The sky is gray and the wind is hair-whippingly bitter. My poor blouse, which only has two buttons fastened crookedly, never had a chance.

  It bursts open.

  Right in front of Pete the Pervy Garbage Man. My white lace bra is sheer as sheer can be and my nipples proclaim the arctic temperatures in all their pointy glory.

  "Looking good, baby!!" he yells in a Brooklyn accent so thick, you'd think he was trying to make fun of people with Brooklyn accents. He wags his tongue. "Lemme suck on those sweet jugs. Could use a little extra hot milk to go with my coffee."

  Ewww.

  He holds onto the back of his truck with one hand while grabbing and rubbing his crotch with the other. Jesus, guys are gross. If this were half-decent revenge porn, he'd fall into the bin and the trash compactor would mysteriously turn on, crushing and slicing him into oblivion. Unfortunately, this is just my life.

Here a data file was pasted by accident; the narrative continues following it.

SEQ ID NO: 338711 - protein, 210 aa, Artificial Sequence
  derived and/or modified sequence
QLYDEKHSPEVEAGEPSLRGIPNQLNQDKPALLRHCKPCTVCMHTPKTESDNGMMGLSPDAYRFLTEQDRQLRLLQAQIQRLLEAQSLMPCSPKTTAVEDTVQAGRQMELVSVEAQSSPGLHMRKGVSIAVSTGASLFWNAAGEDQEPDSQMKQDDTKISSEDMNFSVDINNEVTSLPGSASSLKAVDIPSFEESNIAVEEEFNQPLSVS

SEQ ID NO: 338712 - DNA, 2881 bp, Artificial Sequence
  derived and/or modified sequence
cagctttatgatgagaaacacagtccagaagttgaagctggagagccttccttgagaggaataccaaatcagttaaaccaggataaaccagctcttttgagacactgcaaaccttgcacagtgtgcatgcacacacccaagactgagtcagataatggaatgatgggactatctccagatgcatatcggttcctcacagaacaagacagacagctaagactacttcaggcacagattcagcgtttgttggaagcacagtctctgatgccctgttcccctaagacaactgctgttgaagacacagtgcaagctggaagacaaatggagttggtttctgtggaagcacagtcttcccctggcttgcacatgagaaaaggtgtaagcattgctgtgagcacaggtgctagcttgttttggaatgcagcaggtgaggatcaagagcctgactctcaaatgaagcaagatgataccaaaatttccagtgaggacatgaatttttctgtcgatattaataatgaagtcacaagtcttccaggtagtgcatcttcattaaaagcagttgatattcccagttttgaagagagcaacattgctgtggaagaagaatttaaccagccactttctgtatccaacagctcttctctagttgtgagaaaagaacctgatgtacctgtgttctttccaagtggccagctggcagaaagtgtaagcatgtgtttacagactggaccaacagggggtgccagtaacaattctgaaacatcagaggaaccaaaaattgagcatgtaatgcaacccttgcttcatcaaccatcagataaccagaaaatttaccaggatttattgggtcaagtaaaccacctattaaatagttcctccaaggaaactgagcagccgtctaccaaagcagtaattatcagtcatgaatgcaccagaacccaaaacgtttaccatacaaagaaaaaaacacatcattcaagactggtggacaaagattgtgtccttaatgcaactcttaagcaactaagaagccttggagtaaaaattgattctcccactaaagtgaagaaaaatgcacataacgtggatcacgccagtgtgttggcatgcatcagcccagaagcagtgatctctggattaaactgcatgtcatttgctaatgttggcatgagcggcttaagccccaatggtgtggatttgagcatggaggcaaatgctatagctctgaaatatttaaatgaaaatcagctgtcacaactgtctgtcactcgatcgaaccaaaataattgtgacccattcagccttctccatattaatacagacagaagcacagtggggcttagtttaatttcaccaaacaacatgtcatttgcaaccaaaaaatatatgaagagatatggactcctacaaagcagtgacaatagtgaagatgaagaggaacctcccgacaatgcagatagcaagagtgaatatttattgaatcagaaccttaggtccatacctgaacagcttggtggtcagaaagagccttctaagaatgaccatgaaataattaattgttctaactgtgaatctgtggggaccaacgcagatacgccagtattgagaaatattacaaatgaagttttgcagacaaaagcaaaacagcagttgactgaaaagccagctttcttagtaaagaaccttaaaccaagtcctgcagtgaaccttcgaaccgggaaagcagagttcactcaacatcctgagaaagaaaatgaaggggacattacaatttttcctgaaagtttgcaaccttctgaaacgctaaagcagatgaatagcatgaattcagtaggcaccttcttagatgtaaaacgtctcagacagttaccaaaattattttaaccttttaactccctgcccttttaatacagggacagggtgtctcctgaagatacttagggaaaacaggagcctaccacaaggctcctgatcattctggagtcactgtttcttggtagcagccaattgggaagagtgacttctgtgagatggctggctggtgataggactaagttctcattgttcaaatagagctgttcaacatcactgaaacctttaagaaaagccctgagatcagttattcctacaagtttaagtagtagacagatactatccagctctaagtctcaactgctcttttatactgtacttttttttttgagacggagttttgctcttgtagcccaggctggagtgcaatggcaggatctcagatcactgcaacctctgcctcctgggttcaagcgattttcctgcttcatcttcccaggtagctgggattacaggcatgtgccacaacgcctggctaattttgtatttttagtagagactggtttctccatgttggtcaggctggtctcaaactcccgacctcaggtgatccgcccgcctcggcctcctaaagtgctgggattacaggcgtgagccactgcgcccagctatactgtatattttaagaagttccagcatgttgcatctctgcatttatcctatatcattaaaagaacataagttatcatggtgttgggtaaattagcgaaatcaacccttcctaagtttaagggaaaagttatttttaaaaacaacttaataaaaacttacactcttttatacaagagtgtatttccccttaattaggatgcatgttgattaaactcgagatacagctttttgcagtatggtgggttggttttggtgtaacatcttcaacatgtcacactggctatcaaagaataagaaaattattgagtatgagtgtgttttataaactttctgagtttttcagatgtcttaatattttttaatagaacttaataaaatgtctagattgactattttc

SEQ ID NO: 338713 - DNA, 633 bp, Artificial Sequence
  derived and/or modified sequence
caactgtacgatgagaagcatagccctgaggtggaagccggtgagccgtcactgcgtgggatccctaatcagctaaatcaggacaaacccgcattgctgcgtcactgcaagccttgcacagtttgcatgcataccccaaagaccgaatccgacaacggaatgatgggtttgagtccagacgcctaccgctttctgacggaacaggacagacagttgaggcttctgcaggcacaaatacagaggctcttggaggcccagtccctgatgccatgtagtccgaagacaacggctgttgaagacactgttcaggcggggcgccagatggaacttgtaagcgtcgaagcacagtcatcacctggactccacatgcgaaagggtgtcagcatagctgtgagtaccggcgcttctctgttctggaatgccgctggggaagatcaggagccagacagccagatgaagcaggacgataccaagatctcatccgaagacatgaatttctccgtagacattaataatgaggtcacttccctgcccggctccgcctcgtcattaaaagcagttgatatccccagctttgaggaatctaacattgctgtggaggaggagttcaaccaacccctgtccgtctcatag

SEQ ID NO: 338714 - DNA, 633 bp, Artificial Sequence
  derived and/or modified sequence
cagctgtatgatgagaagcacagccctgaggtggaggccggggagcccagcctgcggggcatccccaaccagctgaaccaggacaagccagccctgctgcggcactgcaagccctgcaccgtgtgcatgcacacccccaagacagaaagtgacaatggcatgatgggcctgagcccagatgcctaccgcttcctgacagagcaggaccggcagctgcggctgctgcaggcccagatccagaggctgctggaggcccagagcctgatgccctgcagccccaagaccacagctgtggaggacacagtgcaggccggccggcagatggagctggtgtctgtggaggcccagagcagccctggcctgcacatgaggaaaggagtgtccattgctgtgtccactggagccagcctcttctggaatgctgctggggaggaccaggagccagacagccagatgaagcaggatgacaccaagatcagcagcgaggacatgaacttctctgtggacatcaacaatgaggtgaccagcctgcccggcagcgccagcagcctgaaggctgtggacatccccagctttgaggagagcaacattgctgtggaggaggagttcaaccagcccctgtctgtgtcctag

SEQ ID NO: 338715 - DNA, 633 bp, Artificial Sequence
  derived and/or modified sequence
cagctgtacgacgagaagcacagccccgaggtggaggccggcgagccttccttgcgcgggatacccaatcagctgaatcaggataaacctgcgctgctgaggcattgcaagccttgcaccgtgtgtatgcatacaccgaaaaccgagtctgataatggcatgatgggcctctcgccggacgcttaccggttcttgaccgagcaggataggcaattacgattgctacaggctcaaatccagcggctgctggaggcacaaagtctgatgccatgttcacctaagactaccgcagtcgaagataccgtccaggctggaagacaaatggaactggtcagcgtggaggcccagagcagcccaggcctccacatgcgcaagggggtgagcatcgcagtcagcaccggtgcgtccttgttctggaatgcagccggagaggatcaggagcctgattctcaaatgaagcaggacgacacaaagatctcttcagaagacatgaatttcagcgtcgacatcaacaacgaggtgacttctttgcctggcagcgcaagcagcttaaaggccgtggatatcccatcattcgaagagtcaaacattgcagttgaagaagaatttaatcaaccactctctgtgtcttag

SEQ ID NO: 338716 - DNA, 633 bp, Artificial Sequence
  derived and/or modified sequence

But I'm a New Yorker, born and raised. So there's only one appropriate reaction.

  "Fuck you!" I shout at the top of my lungs, lifting both hands above my head, middle fingers raised loud and proud.

  "Anytime, sweetheart!"

  As the truck rumbles down the street, I let loose every obscene hand gesture I know. The thumb-against-teeth flip, the chin flick, the horns, and the raised-fist bicep slap, also known as the Italian Salute--just like Grandma Millie used to make.

  The only problem is, when I smack my arm, I also drop the leash, and Bosco takes off like a bat out of hell.

  As I'm buttoning my blouse and trying to run at the same time, I think, God, this is a crappy day. And it's not even five a.m. yet.

  But that was just the tip of the crapberg.

  It takes me three blocks to catch the little ingrate. By the time I make it back, tiny snowflakes have begun to fall, like dandruff from the sky.

  I used to like snow--love it, actually. How it coats everything in a sparkly diamond luster, making it all shiny-clean and new. Turning lampposts into ice sculptures and the city into a magical winter wonderland.

  But that was before. Before there were bills to pay and a business to run. When I see the snow now, all I think about is what a slow day it's going to be, how little money is going to come in...the only magical thing is how all the customers will disappear.